Let’s shovel the bullshit.
Some St. Louis charter schools worry their popularity threatens diversity
That’s the point, just between you, me and the gatepost.
A few of the city’s charter schools are becoming so popular that they’re struggling to stay accessible to low-income families.
That’s true for City Garden Montessori and Lafayette Preparatory Academy, where neighborhood construction and the schools’ own success have more parents competing to enroll their children. In the process, needy minority students are being edged out, as more seats go to children from more affluent white families.
It wasn’t supposed to be this way. Leaders of City Garden and Lafayette always intended the charter schools to be diverse alternatives to St. Louis Public Schools.
“It wasn’t supposed to be this way.” But isn’t it strange it worked out that way?
“We expect kids to grow up and be prepared to participate in a world that’s becoming more diverse,” said Bill Kent, president and CEO of The Biome, a diverse new charter school in the Central West End. “Yet in many cases, when kids come from low-income communities, we often educate them in isolation.”
So the three schools are working on a way charter schools can create their own income integration programs.
The key component of that effort is working to persuade the Missouri Legislature to grant charter schools more control over who they can admit. The Missouri Charter Public School Association is helping to draft a bill that would let charter schools designate a percentage of enrollment spots for students from low-income families.
Okay, you give charters “more control over who they can admit,” the same charters that, as you will read momentarily, and as you already know, make their admissions process so convoluted that it, by itself, acts to weed out the worst of the black undertow, and anyone thinks that the end result will be more “students from low-income families,” read: More black undertow students? Come on, now!
“Whether you’re isolating them in an affluent community, or whether you’re isolating them in a poor community, I don’t know how we expect to move down the road to a more equitable society,” Kent said.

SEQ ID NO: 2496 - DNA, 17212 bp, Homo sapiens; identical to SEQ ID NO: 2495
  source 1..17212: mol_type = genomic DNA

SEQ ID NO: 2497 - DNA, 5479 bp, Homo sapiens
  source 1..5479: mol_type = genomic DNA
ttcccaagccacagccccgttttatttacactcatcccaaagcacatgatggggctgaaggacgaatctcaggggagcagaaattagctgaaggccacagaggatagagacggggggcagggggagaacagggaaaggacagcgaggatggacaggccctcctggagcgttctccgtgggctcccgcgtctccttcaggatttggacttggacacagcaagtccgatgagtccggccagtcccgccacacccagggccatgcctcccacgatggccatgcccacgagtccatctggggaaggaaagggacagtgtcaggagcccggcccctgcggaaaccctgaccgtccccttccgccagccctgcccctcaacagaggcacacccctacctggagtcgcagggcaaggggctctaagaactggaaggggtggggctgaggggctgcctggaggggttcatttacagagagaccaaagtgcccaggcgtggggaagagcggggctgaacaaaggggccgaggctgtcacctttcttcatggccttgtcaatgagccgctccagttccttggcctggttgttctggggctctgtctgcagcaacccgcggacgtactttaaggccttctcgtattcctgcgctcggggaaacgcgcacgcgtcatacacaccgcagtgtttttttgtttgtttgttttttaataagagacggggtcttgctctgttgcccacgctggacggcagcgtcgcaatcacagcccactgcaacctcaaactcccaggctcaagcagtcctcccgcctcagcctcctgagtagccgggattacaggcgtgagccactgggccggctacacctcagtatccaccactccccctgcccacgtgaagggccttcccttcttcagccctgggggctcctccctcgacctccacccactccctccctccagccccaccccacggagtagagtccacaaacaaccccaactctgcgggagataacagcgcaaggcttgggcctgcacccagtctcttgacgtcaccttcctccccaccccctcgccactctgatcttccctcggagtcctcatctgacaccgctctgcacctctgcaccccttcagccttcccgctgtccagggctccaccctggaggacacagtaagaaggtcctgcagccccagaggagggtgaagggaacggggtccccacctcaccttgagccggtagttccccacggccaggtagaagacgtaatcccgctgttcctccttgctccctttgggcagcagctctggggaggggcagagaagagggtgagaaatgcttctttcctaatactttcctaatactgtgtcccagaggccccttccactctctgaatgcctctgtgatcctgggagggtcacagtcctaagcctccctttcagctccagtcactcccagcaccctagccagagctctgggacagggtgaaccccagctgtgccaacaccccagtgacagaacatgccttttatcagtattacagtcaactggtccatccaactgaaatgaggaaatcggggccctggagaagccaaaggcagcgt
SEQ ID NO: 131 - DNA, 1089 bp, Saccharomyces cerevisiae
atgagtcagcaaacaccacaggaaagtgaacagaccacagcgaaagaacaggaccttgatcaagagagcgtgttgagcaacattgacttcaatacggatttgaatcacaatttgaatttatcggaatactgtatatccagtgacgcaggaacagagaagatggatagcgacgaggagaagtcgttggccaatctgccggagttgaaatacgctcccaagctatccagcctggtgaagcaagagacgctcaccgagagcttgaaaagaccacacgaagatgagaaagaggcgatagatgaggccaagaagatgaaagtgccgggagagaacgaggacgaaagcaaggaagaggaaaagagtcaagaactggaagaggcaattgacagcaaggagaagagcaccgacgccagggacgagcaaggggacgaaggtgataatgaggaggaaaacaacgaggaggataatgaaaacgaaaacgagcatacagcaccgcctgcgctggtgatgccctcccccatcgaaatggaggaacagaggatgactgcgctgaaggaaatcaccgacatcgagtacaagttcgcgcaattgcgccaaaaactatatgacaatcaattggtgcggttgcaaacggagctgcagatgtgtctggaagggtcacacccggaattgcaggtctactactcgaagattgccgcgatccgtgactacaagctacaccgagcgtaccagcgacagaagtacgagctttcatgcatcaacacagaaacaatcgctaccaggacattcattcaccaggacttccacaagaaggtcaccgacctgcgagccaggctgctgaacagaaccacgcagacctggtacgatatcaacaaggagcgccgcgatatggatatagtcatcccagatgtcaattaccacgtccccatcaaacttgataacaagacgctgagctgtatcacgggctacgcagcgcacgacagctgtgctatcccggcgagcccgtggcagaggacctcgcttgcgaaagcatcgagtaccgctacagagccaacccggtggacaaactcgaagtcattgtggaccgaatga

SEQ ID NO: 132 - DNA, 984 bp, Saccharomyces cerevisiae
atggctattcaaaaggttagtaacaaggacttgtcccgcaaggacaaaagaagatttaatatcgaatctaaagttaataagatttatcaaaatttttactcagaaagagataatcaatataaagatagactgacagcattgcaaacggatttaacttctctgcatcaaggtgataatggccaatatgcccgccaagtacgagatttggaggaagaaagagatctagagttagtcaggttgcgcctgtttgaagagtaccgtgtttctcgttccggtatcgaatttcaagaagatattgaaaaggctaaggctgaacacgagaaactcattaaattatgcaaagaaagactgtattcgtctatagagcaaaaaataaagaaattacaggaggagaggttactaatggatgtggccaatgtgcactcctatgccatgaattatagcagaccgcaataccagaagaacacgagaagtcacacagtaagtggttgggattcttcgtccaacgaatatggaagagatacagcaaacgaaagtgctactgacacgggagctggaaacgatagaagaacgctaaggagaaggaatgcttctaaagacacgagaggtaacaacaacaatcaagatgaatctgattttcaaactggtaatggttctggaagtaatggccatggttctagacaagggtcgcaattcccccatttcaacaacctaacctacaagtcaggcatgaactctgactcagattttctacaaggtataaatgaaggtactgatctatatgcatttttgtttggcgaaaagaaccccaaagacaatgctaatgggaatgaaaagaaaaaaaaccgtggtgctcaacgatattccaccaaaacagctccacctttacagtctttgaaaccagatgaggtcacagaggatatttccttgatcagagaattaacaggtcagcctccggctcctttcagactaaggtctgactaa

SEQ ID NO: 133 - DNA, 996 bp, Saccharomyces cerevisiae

But City Garden and Lafayette charter schools are becoming less diverse, particularly when it comes to socioeconomic status.
City Garden Montessori, offering kindergarten through sixth grade in the revitalized Botanical Heights neighborhood, has more than quadrupled in size since opening in 2009. Meanwhile, its percentage of students receiving free or reduced-price lunches — a measure of poverty — dropped to 42 percent this year from 53 percent at its start.
The vast majority of students at St. Louis Public Schools, in contrast, are eligible for subsidized lunches.
Lafayette Preparatory Academy in Lafayette Square offers kindergarten through fifth grade. It has grown by 100 students since its first year in 2014, while the percentage of students receiving free or reduced-price lunches dropped to 50 percent from 66 percent.
The Biome is focused on science education for kindergarten through second grade. It opened last fall, with 54 percent of its students from low-income families.
The three charter schools share many attributes that contribute to their popularity.
They’re racially diverse, in a city where most public school students attend schools that are vastly majority African-American. At the three charter schools, between half and three-fourths of students are nonwhite.
The schools also all operate in central-corridor, relatively diverse neighborhoods that are seeing development and families moving in — in some cases, just to attend those schools. They were started by parents and thrive on a grass-roots sense of community.
They’re small schools — City Garden is the largest at 221 students — and can therefore provide an intimate and personalized environment for students. They offer programs not commonly found in other public schools, such as mindfulness exercises and Singapore math at Lafayette and a St. Louis Zoo “micro-school” program at The Biome.